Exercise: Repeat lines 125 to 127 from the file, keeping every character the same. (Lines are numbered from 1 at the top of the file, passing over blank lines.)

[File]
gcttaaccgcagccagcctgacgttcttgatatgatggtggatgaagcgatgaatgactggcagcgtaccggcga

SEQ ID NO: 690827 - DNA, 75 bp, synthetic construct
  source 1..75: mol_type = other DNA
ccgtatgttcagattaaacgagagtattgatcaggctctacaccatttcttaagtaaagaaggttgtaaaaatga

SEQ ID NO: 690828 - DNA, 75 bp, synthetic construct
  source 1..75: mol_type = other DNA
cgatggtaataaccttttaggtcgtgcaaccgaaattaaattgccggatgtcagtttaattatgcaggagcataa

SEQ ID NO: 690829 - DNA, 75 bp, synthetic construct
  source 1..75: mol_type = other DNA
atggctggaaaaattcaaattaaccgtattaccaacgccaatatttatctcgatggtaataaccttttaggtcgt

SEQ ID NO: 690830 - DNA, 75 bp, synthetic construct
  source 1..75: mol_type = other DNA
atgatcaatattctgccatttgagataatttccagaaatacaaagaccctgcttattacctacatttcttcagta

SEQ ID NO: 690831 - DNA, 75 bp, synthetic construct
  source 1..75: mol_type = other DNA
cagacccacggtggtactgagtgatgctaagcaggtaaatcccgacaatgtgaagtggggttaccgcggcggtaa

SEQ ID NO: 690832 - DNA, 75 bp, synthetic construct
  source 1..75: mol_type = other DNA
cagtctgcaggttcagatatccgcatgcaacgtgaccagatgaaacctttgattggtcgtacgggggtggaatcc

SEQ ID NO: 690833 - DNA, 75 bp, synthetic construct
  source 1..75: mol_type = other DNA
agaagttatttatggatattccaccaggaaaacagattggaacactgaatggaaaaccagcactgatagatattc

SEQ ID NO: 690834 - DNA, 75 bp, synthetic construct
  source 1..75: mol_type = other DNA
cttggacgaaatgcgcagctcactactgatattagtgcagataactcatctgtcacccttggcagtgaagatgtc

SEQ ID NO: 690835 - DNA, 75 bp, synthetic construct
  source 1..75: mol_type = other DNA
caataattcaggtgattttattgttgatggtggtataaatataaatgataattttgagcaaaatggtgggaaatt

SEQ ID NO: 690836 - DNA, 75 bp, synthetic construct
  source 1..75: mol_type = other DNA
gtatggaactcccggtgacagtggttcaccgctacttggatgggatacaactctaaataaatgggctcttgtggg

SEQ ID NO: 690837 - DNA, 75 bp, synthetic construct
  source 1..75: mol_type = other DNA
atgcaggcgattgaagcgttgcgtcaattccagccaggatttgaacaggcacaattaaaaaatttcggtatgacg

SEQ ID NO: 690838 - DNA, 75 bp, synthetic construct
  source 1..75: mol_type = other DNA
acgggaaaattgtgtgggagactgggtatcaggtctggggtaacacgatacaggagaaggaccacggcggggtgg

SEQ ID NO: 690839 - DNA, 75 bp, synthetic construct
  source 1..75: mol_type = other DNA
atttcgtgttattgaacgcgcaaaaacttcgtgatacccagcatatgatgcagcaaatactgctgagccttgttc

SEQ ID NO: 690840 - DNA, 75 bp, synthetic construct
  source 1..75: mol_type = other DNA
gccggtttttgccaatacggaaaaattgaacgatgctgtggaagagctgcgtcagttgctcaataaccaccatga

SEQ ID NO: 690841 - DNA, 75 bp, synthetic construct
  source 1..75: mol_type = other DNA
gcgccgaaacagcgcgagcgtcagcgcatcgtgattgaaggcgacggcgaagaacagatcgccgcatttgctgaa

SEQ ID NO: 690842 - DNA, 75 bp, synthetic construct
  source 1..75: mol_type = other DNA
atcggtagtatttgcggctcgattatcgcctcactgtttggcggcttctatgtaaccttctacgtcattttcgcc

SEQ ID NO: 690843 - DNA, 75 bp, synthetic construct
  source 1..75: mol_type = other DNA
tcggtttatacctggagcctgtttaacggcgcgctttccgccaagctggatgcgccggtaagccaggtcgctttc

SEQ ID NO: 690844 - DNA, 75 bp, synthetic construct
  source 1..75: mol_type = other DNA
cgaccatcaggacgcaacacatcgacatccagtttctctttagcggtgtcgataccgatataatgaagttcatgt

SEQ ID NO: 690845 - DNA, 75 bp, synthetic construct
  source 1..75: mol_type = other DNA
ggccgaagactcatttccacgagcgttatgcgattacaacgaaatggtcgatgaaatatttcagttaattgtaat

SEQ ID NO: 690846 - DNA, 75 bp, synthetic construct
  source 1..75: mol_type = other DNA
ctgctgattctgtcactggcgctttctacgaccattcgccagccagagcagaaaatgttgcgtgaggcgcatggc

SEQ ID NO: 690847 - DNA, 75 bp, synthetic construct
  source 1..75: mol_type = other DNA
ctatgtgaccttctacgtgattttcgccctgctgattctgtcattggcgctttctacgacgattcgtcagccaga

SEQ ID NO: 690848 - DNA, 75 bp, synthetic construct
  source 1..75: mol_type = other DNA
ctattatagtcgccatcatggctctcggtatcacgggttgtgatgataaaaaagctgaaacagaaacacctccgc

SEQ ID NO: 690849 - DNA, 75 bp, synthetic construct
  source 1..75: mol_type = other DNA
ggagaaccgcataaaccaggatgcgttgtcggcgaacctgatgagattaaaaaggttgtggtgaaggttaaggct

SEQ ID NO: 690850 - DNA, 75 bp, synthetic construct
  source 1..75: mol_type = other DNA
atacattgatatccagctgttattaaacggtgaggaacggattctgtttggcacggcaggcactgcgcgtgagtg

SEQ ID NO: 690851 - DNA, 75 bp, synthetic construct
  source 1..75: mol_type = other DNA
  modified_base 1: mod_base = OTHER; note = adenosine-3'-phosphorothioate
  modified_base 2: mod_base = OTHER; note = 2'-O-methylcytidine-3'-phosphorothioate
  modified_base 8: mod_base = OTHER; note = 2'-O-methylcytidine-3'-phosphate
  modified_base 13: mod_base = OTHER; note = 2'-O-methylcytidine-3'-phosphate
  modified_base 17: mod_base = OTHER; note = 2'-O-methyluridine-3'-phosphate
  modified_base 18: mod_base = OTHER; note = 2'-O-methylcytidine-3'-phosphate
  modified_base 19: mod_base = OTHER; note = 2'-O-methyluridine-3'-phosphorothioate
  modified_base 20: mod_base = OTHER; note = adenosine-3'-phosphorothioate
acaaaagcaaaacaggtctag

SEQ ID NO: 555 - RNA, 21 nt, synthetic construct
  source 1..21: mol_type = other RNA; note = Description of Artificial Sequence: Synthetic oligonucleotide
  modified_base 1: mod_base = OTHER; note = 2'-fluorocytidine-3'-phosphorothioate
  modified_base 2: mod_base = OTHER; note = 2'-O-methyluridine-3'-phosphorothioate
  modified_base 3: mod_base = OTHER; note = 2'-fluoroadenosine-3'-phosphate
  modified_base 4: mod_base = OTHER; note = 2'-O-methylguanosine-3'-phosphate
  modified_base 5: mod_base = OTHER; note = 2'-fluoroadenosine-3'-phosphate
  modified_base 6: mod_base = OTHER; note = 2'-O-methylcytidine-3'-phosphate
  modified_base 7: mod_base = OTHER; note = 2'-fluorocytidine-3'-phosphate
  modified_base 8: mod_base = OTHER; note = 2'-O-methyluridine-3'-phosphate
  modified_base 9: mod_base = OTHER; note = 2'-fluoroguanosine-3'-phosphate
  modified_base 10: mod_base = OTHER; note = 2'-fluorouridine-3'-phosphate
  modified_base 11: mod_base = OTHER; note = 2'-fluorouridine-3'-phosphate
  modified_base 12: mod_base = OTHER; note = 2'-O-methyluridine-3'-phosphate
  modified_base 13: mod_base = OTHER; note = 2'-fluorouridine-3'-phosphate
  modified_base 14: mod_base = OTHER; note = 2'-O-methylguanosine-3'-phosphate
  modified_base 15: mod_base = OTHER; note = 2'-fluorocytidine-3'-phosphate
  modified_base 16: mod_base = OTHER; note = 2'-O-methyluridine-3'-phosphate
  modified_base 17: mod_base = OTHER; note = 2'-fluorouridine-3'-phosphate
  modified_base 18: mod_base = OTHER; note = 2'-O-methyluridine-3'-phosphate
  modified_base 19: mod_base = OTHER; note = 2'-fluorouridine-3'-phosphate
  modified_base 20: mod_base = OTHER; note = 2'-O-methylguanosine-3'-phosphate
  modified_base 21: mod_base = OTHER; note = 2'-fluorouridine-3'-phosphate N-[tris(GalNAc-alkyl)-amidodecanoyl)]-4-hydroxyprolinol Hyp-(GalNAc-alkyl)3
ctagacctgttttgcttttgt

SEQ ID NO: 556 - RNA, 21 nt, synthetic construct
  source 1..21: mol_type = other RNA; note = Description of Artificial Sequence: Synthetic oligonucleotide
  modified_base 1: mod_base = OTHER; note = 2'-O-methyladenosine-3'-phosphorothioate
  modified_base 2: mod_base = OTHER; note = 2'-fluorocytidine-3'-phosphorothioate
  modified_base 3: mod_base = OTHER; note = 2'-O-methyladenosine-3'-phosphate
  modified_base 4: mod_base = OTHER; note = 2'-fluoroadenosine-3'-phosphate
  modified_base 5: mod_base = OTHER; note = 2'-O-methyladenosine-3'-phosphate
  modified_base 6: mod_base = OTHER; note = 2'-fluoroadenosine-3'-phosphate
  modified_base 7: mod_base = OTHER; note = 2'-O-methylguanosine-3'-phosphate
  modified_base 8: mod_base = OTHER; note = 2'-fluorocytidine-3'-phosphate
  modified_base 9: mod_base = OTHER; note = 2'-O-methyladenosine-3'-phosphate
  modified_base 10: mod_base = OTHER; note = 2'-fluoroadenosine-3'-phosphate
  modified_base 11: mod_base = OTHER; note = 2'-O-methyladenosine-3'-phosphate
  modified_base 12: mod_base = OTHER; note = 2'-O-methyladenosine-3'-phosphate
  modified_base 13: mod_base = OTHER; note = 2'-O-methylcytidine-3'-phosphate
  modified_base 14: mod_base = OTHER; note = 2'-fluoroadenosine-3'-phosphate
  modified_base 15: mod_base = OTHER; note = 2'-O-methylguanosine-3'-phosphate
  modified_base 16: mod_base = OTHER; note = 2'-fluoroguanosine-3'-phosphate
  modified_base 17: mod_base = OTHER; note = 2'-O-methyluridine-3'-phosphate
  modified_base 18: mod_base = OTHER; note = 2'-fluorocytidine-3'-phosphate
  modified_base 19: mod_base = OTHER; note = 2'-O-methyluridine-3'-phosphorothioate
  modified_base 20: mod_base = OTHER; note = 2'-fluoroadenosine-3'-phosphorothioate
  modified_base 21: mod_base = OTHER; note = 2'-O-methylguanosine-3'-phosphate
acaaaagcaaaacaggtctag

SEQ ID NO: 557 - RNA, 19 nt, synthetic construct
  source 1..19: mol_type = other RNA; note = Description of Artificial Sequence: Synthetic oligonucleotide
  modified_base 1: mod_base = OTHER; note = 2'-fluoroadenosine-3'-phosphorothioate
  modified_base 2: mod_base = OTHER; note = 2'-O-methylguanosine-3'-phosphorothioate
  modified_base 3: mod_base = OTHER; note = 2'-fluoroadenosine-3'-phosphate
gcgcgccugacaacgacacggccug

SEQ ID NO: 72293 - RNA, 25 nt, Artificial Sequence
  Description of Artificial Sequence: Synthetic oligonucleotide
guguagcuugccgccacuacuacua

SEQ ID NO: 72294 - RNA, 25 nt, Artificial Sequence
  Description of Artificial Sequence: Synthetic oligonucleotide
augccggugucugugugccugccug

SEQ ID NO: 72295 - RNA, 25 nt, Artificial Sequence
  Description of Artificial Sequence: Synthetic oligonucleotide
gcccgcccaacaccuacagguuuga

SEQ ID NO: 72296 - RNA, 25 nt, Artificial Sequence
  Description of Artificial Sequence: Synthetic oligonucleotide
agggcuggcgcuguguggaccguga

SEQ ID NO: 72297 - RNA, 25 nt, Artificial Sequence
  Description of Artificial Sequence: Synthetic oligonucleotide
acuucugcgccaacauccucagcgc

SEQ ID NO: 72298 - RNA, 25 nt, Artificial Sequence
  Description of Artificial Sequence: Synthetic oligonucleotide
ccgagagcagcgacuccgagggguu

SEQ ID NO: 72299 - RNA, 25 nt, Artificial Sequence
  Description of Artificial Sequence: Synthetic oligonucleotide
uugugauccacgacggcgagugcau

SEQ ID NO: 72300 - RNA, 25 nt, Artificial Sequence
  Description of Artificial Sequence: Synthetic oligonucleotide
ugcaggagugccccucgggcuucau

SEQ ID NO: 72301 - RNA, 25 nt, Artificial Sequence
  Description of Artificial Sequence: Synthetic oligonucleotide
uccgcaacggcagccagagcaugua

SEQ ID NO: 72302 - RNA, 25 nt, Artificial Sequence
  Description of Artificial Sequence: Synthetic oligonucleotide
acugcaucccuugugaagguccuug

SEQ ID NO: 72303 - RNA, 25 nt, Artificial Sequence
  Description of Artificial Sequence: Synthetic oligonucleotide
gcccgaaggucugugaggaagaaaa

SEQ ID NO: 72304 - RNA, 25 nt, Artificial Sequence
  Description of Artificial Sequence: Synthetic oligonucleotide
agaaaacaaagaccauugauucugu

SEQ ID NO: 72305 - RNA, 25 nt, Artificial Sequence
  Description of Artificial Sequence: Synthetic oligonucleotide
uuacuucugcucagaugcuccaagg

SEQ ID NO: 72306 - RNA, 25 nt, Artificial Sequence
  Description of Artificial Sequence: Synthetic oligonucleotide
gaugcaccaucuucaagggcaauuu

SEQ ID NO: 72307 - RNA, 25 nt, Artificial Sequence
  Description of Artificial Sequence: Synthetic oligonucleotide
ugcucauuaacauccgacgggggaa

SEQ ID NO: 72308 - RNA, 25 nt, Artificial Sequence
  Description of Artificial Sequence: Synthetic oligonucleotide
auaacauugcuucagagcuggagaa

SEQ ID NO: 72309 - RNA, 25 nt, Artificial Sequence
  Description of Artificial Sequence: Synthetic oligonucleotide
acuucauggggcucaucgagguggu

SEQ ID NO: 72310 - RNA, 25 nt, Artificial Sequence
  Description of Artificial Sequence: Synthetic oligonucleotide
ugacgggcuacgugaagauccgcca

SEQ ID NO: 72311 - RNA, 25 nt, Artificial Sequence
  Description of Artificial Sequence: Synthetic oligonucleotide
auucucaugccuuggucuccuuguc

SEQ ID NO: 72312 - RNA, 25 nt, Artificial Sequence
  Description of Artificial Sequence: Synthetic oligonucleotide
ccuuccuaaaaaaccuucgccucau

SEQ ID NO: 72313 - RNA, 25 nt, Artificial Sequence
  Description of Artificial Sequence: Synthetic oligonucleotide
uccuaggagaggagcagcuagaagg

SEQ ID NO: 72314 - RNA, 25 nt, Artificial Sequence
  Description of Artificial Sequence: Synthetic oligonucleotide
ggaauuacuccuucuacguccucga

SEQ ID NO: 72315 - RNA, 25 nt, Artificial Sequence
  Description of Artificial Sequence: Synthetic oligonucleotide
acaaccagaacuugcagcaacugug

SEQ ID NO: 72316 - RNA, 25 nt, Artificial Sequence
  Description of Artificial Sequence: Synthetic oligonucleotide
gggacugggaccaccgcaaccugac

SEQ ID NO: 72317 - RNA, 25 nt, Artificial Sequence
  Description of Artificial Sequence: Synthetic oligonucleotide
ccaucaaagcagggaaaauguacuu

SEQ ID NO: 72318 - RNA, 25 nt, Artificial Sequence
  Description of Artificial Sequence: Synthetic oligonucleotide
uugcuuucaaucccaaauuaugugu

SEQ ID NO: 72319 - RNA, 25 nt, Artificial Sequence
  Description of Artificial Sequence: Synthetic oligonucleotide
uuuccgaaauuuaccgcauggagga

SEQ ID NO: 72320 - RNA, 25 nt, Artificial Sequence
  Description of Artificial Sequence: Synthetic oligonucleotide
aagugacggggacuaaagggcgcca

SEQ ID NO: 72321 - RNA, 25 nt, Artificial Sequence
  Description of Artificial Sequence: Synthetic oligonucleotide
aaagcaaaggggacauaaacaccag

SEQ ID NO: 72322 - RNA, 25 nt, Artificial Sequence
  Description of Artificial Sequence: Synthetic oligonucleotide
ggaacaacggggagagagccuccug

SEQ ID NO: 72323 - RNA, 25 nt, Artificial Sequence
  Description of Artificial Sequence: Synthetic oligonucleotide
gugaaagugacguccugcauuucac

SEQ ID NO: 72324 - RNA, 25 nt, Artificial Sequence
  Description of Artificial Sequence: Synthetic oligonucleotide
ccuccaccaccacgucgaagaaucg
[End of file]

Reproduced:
  modified_base 15: mod_base = OTHER; note = 2'-O-methylguanosine-3'-phosphate
  modified_base 16: mod_base = OTHER; note = 2'-fluoroguanosine-3'-phosphate
  modified_base 17: mod_base = OTHER; note = 2'-O-methyluridine-3'-phosphate